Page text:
Toba Caldera Geopark
Toba Caldera Geopark is the name designated to Lake Toba from a geological point of view. Toba Caldera refers to the rock chamber that forms shortly after the Toba eruption 74,000 years ago, creating a magnificent geopark once the water has filled it in and a fertile surrounding area has grown into what it is today. It has also become a United Nations Educational, Social, Cultural Organization (UNESCO) Global Geopark and a member of the UNESCO Global Geoparks Network since July 2020. The network currently has 161 geoparks in 44 countries. This suggests that Lake Toba has been subject to more regular and rigorous checks to ensure it meets the Network’s standards, such as improved tourist services, safety and security, infrastructure maintenance, and cleanliness.
The designation means that Lake Toba is not only physically and culturally interesting but also geologically significant to the world. It is the place where the biggest eruptions on earth within the last 2.5 million years. The explosion caused enormous casualties on the one hand but promoting tourism and the study of geology on another. Tourists have come from all over the world to see the biggest volcanic lake and feel the remarkable history there. Right at the same place, the world also witnesses the history and distinctive culture of the people who have lived there for over 2,000 years (see People and Culture on Lake Toba.)
The eruptions collapsed the roof of Toba magma chamber and exposed the basement rocks of this area. They consist of metasedimentary rocks that used to be parts of the Gondwana continent formed in the South Pole region during the Permo-Carbon era (300 million years ago). You can physically see the rocks around the steep-cliff walls in some parts of Lake Toba.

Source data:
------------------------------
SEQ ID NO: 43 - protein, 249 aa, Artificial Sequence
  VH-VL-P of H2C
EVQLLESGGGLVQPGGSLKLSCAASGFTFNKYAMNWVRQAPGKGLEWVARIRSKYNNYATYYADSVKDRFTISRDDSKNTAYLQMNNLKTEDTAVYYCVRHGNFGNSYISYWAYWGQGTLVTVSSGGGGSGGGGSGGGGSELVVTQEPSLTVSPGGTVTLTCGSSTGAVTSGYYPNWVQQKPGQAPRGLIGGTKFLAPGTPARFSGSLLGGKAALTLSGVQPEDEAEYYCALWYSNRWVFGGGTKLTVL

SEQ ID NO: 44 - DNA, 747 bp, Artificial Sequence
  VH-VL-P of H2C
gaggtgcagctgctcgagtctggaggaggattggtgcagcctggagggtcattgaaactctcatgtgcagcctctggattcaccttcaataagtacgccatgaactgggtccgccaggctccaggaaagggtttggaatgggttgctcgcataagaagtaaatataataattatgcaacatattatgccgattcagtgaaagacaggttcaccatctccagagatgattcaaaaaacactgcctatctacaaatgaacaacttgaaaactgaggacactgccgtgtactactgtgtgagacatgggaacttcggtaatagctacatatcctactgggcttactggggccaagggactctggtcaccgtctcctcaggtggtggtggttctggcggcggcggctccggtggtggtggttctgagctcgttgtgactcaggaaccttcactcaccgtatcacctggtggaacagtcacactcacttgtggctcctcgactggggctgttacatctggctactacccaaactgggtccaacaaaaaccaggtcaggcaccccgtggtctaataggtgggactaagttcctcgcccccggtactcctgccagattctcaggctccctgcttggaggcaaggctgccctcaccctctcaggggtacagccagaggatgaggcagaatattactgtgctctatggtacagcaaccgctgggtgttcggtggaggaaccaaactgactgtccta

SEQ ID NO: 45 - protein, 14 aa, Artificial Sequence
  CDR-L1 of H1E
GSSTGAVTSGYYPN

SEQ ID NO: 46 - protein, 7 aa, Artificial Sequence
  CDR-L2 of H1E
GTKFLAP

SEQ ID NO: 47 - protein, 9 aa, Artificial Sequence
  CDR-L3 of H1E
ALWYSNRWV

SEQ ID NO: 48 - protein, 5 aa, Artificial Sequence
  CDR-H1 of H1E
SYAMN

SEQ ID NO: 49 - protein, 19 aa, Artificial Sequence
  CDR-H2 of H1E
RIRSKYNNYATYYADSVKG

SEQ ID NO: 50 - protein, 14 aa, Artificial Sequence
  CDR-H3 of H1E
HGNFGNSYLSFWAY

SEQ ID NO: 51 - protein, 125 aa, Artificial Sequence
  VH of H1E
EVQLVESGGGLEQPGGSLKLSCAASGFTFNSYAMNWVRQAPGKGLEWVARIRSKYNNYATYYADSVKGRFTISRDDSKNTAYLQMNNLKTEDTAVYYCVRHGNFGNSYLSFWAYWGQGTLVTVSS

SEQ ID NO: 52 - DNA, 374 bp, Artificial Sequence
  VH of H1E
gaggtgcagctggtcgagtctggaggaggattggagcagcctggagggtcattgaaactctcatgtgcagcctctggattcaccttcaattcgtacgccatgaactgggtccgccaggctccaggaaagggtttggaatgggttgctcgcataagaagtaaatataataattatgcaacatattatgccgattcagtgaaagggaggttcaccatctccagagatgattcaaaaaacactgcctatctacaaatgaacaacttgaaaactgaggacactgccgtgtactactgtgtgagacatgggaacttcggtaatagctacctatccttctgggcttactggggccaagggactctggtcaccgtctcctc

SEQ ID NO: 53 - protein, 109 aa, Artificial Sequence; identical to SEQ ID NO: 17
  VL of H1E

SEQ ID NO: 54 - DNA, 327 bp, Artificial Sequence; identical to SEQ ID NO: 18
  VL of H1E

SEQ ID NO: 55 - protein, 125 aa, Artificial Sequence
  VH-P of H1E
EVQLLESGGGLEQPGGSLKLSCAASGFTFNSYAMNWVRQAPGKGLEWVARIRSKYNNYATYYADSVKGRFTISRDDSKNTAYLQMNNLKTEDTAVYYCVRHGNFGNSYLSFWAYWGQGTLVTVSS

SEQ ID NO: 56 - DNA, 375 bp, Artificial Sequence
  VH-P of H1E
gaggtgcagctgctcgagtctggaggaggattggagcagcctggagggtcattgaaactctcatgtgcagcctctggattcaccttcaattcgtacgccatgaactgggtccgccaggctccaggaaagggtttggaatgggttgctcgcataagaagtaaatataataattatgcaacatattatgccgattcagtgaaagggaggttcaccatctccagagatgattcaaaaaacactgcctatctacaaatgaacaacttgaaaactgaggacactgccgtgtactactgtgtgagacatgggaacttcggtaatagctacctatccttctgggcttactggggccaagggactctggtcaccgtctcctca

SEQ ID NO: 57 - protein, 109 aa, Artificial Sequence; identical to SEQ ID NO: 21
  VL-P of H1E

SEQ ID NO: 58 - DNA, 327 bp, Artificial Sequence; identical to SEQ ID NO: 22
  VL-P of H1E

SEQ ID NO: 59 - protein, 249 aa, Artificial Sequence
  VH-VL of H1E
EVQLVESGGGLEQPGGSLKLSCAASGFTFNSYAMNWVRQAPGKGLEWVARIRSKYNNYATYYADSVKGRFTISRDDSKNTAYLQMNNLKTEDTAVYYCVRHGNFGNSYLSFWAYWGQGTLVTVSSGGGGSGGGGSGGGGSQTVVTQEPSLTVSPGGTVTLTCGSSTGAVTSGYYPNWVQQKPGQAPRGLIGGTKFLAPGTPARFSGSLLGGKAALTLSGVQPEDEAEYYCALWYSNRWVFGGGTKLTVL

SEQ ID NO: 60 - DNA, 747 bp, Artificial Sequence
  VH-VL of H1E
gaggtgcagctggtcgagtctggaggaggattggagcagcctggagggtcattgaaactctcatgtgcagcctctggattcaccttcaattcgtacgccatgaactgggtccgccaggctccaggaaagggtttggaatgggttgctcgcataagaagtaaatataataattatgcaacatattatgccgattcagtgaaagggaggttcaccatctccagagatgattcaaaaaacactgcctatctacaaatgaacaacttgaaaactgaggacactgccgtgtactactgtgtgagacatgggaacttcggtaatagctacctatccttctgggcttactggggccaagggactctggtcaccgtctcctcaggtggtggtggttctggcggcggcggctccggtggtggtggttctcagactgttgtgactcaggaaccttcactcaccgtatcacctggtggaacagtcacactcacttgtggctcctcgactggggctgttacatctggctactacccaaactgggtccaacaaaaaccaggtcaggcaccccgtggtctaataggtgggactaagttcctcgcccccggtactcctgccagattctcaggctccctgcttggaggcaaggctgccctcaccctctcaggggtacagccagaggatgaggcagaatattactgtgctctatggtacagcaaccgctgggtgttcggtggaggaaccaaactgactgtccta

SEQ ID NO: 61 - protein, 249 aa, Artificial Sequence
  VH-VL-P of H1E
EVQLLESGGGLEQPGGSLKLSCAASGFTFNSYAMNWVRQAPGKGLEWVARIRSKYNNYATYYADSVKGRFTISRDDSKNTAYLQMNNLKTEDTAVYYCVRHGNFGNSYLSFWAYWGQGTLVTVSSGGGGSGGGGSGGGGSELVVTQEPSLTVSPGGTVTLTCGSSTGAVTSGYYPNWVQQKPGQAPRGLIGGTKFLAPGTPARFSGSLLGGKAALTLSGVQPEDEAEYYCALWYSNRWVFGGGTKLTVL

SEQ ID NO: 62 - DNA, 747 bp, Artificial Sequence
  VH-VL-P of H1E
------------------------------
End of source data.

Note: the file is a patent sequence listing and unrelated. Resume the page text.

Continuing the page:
According to some Deoxyribo Nucleic Acid (DNA) evidence, the eruptions killed so many people that they reduced the number of global population by 40%, to perhaps 10,000 to 30,000. Other evidence suggested the remaining population was only 3,000 to 10,000 individuals.
The water from the surrounding forest area filled in the caldera and formed Lake Toba. In the process of reaching a new equilibrium post-eruptions, the residual pressure of the magma chamber pushed up the lake bottom and formed Samosir Island (resurgent doming). The new island is now bigger in size than Singapore.
The sediment composition of pyroclastic products of the eruptions (SiO2> 70%) makes the SiO2 content of the lake water ideal for the growth of diatoms (fresh-water algae), which is consistent with the discovery of lake deposits that are rich in diatom fossils on the Samosir island.
[picture: Samosir island]
The volcanic activity also formed several cone volcanoes accompanied by resurgent doming along the western edge of the lake. They include Mount Sibandang-Pardepur, Mount Pusuk Buhit, and Mount Sipiso-piso. Some of the geothermal fields including hot springs also emerged in the area. The blasts indeed left a unique landscape following the largest volcanic eruptions in the Quaternary Period (recent 2.6 million years).
Sixteen clusters of geosites regrouped more than 40 Toba Caldera geo-evidences. They include Sibaganding geosite, Garden of Eden 100 geosite, Basiha Stone-TB Silalahi geosite, and much more. For example, the Garden of Eden 100 Geosite is the outcrop of the mudstone (metasediment) unit exposed on a waterfall cliff and aged 840,000 years at Porsea Geoarea. This geosite is in Lumban Rang Village, North Sionggang, Lumban Julu District, Toba Samosir, 1,100-1,750 meters (3,600-5,700 ft) above sea level. The Garden of Eden 100 is also a nature park with a mission to preserve the forest around Lake Toba. See the full list of the geosites here.
[picture: Garden of Eden 100 geosite]
Toba Caldera Geopark is one of five UNESCO global geoparks in Indonesia. The other four are Batur Geopark, Gunung Sewu Geopark, Ciletuh-Palabuhanratu Geopark, and Rinjani Lombok Geopark. To illustrate, Batur Geopark includes two volcanic calderas and presents a complete volcanic landscape with caldera walls, cones and craters, geothermal phenomena (fumaroles, hot springs), a lake, lava flows, pyroclastic flows, and tephra.